Unlike a VM (a several GB Virtual Machine), the container (a few MB) does not carry OS. The container / Docker is lighter and faster to start, move, duplicate (as with any other routine maintenance actions).
Consider a company that has sharply increased resources for urgent strategic development (banking, development companies, etc). With a traditional solution to VM, you must have provisioned a large number of VMs on hold and start to make them available. It is therefore necessary to have at the same time the required infrastructure to support the start of these environments: CPU, RAM, storage, I/O and disk I/O network, etc.
By eliminating the OS, containers consume 4 to 30 times less RAM and disk. In this case a few seconds are required to start applications. Containers / Dockers are for the applications what virtualization was for the servers in the 90s.
Today container usage makes development easier by automating integration. Continuous integration automates source code updates from DEV, QA, pre-prod and production.
We highlight the problem of the start of production of these containers which cannot be done by IT staff as network control, security, storage, backup, supervision and are not properly integrated into the programming and configuration Container. Therefore, the containers will be a software response to DevOps as used by DEV consuming infrastructure, while being under the control of OPS.
For enhancing integration, publishers already offer complet solutions which manage load balancing, failover management of resilience, encryption, etc.
According to Datalog, Dockers adoption was multiplied by 5 in 2015:
The Container Dockers will quickly bring all their advantages as a DevOps solution!
The problem at stake is therefore the DevOps:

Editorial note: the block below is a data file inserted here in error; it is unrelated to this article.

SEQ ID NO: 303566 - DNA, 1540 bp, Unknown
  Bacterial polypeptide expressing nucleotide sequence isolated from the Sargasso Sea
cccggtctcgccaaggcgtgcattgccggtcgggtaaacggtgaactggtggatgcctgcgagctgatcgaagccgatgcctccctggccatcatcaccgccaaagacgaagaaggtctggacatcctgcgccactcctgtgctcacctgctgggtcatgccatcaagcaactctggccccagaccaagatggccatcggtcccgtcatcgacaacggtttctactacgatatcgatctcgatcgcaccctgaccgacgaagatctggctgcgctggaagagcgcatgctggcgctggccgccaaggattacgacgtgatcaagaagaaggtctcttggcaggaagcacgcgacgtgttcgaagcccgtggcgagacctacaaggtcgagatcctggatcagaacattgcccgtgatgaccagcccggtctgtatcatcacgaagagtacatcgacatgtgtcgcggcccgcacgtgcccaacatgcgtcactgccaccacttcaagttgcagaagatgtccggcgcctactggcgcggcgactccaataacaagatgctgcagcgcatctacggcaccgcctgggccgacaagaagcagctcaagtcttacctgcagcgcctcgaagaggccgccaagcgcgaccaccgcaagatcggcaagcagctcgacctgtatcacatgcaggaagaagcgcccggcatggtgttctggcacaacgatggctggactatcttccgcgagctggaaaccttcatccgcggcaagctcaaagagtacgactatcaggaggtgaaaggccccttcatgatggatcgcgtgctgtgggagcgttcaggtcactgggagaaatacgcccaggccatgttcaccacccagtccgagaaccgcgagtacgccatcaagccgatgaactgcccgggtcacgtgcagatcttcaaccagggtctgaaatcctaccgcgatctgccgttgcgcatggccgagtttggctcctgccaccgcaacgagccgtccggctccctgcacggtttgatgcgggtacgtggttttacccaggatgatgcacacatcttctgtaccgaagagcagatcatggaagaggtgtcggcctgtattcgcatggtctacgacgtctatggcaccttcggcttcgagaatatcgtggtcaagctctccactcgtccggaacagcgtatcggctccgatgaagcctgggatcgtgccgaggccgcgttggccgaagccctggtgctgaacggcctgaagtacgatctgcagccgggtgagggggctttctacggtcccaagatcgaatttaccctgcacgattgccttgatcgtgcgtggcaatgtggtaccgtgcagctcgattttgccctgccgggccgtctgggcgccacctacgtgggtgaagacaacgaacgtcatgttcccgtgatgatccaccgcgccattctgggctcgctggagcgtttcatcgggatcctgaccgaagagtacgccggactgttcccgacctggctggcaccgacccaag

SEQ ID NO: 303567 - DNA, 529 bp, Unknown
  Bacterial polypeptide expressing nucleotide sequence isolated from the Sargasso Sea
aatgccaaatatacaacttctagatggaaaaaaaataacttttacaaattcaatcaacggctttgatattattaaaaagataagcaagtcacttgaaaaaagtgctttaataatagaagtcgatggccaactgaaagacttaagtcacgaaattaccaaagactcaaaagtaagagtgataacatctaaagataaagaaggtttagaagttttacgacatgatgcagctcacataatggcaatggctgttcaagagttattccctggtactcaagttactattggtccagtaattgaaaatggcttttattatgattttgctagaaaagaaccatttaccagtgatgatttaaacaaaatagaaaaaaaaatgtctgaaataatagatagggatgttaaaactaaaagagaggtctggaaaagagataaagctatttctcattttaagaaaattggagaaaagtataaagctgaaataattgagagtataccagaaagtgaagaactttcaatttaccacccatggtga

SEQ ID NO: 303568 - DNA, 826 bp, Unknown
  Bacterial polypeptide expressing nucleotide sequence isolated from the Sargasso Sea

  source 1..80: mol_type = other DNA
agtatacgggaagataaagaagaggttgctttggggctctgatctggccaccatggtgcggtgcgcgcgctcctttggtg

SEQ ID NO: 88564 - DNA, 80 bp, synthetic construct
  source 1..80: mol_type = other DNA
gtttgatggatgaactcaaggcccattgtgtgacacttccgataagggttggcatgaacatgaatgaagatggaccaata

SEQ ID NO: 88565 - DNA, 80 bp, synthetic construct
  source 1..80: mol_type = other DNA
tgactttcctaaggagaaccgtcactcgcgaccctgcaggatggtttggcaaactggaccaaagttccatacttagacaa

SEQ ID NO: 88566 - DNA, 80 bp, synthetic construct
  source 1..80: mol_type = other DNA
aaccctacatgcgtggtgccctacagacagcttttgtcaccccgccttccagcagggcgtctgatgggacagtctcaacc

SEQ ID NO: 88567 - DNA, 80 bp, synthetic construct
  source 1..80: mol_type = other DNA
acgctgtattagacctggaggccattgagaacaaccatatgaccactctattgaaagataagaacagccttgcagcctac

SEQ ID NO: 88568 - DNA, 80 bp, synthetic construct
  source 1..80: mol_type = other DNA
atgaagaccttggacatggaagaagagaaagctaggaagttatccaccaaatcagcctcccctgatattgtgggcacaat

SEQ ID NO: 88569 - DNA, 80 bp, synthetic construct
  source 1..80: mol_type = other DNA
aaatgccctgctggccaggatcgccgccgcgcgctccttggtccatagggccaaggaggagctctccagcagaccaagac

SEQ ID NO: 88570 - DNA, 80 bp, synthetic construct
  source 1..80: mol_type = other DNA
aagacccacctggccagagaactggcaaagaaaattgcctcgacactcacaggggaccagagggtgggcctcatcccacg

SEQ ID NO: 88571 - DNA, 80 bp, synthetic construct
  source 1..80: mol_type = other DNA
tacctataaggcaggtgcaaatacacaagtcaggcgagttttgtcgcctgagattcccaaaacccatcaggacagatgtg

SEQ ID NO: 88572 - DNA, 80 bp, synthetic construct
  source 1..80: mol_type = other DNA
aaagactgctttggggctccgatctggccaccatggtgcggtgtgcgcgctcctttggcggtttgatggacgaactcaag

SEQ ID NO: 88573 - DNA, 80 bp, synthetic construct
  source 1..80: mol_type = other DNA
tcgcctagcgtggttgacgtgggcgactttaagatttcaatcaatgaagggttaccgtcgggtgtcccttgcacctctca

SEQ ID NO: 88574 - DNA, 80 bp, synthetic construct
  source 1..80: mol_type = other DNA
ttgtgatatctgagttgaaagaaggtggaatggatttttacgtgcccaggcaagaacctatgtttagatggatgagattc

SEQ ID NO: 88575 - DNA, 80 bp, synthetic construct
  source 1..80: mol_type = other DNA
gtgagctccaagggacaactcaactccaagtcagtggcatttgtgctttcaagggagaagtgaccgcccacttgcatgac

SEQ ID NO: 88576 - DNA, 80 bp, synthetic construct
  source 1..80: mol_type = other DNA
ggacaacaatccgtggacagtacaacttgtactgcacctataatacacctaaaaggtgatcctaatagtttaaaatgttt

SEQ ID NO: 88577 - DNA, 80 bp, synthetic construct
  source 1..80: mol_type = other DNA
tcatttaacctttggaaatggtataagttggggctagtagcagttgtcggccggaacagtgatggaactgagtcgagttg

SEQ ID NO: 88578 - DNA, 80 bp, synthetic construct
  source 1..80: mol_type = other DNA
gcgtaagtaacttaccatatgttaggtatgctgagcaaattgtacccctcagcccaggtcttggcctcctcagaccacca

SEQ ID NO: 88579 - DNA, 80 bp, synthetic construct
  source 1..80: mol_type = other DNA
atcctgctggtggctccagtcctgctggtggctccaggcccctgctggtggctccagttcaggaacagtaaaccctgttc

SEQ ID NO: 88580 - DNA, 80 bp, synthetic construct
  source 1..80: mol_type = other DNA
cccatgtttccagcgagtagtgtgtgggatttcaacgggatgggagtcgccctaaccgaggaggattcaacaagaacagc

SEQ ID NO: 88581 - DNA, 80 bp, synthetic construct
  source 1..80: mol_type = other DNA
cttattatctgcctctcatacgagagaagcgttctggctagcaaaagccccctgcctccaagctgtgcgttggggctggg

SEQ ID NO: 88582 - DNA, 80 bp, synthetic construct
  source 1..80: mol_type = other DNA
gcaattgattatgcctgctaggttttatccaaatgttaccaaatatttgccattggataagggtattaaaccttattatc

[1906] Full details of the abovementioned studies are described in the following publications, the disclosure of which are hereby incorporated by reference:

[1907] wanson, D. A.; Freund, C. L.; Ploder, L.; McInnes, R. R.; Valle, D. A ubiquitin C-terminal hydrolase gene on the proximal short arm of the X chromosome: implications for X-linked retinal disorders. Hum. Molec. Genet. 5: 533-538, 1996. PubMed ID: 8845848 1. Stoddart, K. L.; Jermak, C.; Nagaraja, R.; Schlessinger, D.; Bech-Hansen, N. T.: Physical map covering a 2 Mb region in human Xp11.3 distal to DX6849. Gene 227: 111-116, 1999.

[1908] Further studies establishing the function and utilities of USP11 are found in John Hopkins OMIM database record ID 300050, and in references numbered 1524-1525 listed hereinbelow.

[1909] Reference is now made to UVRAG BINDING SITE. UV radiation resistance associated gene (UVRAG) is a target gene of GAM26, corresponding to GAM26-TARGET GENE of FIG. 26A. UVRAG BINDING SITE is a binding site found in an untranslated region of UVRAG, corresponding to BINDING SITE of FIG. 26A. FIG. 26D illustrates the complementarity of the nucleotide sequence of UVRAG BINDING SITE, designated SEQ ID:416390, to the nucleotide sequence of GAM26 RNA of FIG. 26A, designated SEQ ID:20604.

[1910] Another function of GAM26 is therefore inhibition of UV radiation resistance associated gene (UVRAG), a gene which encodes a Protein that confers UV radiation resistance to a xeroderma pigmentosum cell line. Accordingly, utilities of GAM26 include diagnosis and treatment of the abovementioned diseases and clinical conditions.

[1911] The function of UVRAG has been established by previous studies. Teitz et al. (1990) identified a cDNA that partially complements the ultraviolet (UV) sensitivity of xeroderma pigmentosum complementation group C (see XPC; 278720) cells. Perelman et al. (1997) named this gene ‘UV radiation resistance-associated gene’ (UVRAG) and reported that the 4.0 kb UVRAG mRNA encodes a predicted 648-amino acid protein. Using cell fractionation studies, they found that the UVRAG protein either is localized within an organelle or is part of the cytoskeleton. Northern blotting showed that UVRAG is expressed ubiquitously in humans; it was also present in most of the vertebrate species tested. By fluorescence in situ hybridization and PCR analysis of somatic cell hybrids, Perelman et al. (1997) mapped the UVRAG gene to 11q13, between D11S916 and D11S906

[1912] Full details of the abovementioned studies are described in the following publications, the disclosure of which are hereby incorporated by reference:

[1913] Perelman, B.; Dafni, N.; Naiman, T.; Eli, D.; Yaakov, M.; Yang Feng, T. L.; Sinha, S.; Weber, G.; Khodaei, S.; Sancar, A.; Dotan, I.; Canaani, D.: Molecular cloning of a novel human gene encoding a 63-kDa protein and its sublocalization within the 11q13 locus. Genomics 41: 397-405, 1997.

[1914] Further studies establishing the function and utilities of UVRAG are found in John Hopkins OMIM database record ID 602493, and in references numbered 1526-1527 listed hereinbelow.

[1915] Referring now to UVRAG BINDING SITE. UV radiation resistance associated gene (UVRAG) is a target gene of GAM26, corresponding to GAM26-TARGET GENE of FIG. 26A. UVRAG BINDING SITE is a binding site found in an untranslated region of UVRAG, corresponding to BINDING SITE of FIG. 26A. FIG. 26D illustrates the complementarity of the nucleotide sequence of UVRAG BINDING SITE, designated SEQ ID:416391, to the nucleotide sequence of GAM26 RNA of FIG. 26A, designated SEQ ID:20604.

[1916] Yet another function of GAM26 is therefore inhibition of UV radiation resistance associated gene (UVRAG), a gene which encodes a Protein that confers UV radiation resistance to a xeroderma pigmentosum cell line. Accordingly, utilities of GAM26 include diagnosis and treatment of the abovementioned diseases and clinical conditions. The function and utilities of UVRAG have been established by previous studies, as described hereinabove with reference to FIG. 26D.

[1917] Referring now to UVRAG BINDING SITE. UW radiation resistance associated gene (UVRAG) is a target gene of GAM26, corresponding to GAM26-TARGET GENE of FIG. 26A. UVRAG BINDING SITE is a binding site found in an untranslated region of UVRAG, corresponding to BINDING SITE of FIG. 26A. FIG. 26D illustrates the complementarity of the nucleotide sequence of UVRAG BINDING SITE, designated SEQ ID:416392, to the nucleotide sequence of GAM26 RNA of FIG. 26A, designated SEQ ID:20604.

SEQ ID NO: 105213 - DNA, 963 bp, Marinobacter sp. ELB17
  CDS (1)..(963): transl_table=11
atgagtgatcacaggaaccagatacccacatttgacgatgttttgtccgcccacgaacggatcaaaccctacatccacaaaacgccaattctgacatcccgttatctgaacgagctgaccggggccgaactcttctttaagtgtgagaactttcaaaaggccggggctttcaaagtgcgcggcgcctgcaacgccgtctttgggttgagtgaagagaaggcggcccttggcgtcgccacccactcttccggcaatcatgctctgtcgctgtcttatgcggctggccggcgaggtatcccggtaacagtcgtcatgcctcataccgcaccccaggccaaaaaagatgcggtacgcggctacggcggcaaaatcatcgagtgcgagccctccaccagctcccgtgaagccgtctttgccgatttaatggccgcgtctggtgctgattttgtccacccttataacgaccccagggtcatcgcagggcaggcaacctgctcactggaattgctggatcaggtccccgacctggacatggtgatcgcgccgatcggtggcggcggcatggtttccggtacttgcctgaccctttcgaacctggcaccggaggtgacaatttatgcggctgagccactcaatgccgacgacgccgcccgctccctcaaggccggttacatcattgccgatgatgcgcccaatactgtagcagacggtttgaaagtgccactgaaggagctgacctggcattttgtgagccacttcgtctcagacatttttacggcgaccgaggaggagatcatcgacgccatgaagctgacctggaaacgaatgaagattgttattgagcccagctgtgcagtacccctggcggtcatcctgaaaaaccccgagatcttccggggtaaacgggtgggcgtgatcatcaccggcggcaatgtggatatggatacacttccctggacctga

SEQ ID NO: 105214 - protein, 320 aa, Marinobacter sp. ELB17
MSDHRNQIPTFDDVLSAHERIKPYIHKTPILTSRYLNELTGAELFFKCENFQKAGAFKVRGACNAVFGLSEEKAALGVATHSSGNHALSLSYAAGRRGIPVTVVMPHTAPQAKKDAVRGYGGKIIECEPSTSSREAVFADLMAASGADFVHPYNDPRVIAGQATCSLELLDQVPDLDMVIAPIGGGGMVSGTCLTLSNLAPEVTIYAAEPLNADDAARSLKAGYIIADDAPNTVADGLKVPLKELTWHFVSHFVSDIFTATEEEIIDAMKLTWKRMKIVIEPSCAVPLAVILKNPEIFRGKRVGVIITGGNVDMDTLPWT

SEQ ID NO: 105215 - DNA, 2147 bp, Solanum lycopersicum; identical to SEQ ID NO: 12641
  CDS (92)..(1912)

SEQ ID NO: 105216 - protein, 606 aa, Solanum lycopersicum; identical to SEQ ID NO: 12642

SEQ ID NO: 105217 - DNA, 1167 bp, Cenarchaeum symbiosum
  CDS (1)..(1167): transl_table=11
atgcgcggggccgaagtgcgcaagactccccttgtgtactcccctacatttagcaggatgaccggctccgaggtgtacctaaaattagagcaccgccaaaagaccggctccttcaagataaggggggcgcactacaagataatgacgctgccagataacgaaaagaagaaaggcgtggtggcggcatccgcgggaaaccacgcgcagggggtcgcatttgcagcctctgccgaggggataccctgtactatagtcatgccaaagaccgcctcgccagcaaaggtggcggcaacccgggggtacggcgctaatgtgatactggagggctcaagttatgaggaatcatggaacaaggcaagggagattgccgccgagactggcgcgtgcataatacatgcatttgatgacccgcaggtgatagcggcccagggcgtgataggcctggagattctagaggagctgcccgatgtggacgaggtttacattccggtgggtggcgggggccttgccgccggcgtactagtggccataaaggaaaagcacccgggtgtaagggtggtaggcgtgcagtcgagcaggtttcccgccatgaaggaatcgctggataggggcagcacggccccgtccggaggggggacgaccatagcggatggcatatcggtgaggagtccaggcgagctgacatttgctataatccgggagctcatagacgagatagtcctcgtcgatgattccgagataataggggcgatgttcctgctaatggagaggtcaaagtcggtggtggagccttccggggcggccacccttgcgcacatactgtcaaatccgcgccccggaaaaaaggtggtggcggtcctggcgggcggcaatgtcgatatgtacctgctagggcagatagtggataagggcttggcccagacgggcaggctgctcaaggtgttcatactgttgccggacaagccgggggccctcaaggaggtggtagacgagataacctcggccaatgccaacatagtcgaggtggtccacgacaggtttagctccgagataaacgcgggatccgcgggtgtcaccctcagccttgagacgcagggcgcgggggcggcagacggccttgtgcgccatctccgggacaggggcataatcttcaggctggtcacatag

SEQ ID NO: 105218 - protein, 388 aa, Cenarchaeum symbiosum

According to Gartner, DevOps will exceed the stage of niche in 2016 with 25% of very large global companies who will have adopted it and a market of $ 2.3 billion. According to IDC, in France 53% of companies have committed widespread DevOps approach to all their developments.
In the face difficulties, companies go though to transform their traditional infrastructures into an agile enough solution, cloud providers can offer the implementation of DevOps with their scale-out approaches and offers of economies of scale.
The implementation of DevOps requires looking at several issues: structural, organizational, resource, etc. For the CIO, who is responsible for the technical answer, it is a nightmare to implement an agile infrastructure with the current traditional equipment. He has to manage both complex environments, multiple servers (storage, computing, networking, security) as developments Services (Multiple databases, WEB portals, software developments like Python, C ++, the libs and other APIs, supervising applications and performance analysis). Containers technology and overlays networks provide relevant responses to network problems, in the case of the administrator of these services anticipate their arrival. Everything has to be realized in record time in difficult conditions as external market pressure, the internal pressure of marketing and with limited budgets. Once it is all in place, it will finally take maximum advantage for all applications to interact with each other properly while being able to manage rapid migration needs. And for sure, all of this without impacting the entire infrastructure.
- number of physical or virtual servers
- several development services
- ensuring stability and interactions face of increasing complexity based on the number of servers and services
- implementation time which tend to be increasingly short
- strained budgets